Yesterday’s Elections Bring More Historic Firsts For LGBTQ+ Candidates


At least 59 LGBTQ+ candidates won their bids for office across the country in yesterday’s elections, according to the Victory Fund.

Update: Liliana Bakhtiari has won their election runoff for the Atlantic City Council. They are now the first out Muslim official elected in the state of Georgia.

Updated 12/1/21 at 10:28 a.m. E.T.

At least 59 LGBTQ+ candidates won their bids for office across the country in yesterday’s elections, according to the Victory Fund.

Of the 131 Victory Fund candidates who were on the ballot yesterday, only 22 so far have lost their races. Another 50 races remain undecided.

A record number of six LGBTQ+ candidates were voted onto the New York City Council, including Crystal Hudson (District 35) and Kristin Richardson Jordan (District 9), who are the first out Black women elected to the council. Tiffany Cabán (District 22) and Lynn Schulman (District 29) will become the first out women from Queens elected to public office, while Erik Bottcher (District 3) and Chi Ossé (District 36) also won their respective races. 

Yesterday also marked a number of historic firsts for LGBTQ+ candidates. Christopher Coburn won his race for Bozeman City Commission, making him the first out Black candidate elected to office in Montana. In Cleveland, Rebecca Mauer became the first out woman elected to the City Council after defeating 16-year incumbent Anthony Brancatelli. Dion Manley, who won his race for a seat on the Gahanna Jefferson School Board, is now the first out trans person elected in Ohio, and one of only five trans men elected to office across the country. In Virginia, out women candidates Dawn Adams and Danica Roem won their bids for reelection to the Virginia House of Delegates; Roem remains the longest-serving out transgender legislator in U.S. history.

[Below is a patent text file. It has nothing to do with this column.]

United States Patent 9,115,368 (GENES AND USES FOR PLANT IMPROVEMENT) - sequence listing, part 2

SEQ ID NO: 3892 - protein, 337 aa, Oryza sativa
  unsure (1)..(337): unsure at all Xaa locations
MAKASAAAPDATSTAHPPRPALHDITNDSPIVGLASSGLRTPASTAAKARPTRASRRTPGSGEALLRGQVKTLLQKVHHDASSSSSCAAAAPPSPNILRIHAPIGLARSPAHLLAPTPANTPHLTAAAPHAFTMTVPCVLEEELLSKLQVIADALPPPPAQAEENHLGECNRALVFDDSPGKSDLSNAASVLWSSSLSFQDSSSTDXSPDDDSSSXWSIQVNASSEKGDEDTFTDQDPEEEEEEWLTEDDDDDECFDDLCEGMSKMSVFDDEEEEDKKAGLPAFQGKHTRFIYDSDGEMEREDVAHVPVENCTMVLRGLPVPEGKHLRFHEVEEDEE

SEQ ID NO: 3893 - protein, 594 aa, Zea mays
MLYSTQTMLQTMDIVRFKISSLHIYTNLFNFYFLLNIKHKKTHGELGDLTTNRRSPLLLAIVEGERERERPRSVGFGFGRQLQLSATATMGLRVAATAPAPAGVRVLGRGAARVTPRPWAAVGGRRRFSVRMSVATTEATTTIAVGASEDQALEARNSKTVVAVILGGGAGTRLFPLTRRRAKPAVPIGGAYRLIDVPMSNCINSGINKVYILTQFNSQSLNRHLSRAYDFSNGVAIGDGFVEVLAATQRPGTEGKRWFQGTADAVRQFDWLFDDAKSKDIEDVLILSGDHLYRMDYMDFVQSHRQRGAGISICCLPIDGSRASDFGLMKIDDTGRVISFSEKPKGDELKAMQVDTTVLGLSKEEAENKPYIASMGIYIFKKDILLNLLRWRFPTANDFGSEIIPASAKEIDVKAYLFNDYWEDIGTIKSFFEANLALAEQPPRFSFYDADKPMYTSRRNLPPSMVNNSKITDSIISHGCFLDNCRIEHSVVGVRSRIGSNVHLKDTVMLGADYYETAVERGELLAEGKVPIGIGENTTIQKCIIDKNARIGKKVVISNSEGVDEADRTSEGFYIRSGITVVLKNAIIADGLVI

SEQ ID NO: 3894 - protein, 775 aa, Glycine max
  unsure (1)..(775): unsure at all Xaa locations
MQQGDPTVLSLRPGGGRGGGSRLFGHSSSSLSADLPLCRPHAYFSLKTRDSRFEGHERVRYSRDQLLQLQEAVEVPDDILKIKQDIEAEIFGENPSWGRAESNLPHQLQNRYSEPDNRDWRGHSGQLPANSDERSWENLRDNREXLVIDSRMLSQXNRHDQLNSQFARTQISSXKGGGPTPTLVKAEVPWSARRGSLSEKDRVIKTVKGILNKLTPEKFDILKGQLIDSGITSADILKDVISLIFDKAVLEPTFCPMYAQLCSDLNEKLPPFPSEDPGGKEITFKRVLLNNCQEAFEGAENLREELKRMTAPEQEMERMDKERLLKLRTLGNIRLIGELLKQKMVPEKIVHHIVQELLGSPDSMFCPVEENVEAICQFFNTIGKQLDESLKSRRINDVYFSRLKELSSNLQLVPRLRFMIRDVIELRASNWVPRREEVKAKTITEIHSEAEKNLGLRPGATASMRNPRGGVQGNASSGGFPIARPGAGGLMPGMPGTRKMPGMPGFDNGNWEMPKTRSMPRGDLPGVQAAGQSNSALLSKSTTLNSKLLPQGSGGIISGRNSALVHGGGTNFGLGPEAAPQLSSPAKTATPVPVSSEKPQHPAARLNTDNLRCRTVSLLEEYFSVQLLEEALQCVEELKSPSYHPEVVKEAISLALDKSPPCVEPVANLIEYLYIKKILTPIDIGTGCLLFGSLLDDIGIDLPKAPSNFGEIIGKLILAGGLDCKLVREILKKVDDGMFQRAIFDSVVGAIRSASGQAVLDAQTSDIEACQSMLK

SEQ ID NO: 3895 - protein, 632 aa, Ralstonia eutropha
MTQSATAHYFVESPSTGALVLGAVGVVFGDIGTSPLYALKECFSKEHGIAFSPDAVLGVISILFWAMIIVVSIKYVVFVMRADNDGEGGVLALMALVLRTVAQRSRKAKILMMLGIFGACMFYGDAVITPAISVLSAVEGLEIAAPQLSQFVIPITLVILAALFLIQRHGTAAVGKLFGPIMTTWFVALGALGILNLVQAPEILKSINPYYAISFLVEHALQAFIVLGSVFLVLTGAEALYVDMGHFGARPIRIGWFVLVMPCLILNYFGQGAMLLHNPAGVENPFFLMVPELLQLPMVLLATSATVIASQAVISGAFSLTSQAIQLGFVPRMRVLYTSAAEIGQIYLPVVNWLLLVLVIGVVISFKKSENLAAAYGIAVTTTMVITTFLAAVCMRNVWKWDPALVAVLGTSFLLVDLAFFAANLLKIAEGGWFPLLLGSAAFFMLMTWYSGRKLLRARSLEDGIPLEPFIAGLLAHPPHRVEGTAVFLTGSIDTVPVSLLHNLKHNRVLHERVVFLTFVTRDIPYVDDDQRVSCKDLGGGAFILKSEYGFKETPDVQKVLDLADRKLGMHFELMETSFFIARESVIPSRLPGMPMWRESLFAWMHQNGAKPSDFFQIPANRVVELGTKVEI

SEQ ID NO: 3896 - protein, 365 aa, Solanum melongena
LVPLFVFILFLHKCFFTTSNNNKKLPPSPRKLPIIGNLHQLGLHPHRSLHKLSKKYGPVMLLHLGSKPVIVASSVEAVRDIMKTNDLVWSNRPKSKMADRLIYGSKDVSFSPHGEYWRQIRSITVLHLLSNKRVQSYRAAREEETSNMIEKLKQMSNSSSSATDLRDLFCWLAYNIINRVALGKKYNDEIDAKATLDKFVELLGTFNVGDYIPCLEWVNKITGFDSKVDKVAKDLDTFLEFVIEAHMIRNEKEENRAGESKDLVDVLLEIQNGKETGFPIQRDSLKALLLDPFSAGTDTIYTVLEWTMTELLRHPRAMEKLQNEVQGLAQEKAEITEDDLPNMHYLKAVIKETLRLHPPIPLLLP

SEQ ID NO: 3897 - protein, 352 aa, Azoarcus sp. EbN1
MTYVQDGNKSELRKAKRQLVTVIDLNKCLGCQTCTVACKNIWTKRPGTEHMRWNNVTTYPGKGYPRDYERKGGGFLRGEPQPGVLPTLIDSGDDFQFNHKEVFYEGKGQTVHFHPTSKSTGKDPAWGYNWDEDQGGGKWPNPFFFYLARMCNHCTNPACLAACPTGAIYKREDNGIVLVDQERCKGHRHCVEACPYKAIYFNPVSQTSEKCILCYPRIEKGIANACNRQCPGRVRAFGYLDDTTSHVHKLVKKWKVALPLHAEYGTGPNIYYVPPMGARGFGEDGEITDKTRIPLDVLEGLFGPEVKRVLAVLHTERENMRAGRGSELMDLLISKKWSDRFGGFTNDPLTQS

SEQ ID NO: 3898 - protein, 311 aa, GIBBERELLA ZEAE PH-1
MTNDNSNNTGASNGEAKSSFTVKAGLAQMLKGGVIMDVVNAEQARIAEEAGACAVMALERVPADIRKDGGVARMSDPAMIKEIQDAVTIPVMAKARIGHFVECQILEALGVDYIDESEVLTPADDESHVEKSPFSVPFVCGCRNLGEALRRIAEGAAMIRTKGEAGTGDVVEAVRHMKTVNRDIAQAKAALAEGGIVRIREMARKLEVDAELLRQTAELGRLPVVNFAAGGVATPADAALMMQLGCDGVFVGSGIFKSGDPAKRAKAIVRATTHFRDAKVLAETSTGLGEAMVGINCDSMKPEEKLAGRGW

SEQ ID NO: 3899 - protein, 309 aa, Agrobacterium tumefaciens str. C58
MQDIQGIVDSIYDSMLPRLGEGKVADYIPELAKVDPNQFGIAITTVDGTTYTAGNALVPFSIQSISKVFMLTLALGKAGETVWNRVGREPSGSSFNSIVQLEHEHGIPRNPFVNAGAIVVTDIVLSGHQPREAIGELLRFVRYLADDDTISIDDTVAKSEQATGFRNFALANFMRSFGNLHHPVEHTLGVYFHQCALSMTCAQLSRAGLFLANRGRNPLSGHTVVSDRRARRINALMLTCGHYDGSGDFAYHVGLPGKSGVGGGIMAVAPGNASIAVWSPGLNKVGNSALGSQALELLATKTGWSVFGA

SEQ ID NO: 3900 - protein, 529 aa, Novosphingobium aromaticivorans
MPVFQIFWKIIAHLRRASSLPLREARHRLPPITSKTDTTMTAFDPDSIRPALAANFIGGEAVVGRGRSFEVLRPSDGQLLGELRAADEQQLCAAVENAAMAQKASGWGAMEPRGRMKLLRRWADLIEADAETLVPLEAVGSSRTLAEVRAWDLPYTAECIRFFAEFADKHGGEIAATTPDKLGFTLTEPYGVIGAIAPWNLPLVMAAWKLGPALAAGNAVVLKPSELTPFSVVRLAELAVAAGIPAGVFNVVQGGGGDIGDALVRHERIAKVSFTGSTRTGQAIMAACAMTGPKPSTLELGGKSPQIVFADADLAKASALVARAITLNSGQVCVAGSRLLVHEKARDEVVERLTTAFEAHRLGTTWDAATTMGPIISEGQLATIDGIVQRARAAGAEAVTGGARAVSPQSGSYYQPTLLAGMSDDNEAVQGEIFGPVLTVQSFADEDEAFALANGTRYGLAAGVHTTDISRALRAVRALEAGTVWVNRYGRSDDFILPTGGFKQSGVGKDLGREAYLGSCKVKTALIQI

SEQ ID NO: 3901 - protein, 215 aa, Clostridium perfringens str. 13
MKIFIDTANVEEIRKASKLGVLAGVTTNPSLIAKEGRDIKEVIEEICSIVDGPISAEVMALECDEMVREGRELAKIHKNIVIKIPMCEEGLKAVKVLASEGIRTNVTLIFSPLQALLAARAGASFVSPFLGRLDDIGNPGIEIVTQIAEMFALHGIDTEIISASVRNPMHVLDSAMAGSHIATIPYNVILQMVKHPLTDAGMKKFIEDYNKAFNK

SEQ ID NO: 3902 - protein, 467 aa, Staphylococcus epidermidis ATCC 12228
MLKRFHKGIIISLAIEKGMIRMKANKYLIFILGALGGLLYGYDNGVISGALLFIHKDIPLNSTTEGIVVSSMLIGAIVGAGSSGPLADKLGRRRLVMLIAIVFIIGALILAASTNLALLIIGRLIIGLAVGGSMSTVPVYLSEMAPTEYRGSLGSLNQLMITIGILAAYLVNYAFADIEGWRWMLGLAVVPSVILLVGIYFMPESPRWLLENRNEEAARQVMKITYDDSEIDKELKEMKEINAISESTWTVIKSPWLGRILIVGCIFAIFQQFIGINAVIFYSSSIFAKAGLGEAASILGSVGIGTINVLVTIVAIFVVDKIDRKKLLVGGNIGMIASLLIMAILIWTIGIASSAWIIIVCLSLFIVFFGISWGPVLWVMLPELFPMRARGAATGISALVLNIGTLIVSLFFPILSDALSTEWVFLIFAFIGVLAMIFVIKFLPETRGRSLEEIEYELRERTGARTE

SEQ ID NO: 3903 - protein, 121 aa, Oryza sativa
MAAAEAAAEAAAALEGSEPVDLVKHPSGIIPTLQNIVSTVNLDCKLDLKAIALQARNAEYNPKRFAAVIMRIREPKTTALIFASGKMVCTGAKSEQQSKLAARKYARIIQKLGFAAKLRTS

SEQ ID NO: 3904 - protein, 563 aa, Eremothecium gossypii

And in Detroit, Gabriela Santiago-Romero has become the first out city councilwoman in the city’s history. She is also the first out Latinx woman elected in the state of Michigan. 

“As a Latinx woman and immigrant, her perspective will enrich policy discussions and ensure all people in Detroit are prioritized,” said Victory Fund President and CEO Annise Parker in a statement to the press. “Latinx people, LGBTQ people and women are severely underrepresented in government, but Gabriela’s victory will inspire more of them to consider public service and run for office in their communities.”  

LGBTQ+ candidates saw mixed results in mayoral races. In Colorado, incumbent Guyleen Castriotta was elected mayor of the city of Broomfield, becoming the first out mayor elected in the city’s history; she had previously been appointed Mayor Pro Tem by the City Council.   

In Buffalo, India Walton received only 41% of the vote, with 59% going to write-in candidates following a write-in campaign by her opponent, incumbent Byron Brown; CNN reports that the write-in votes will not be tabulated until November 17.

And in Minneapolis, Sheila Nezhad lost her bid to be the city’s next mayor after second-round counting in the ranked-vote system delivered a win for incumbent Jacob Frey

This article has been updated to reflect developing information in the Minneapolis mayoral race. 

Correction: A previous version of this article stated that Liliana Bakhtiari had won their bid for City Council in Atlanta. Bakhtiari, who received just under 50% of the vote, will face opponent Mandy Mahoney in a run-off election on November 30.   

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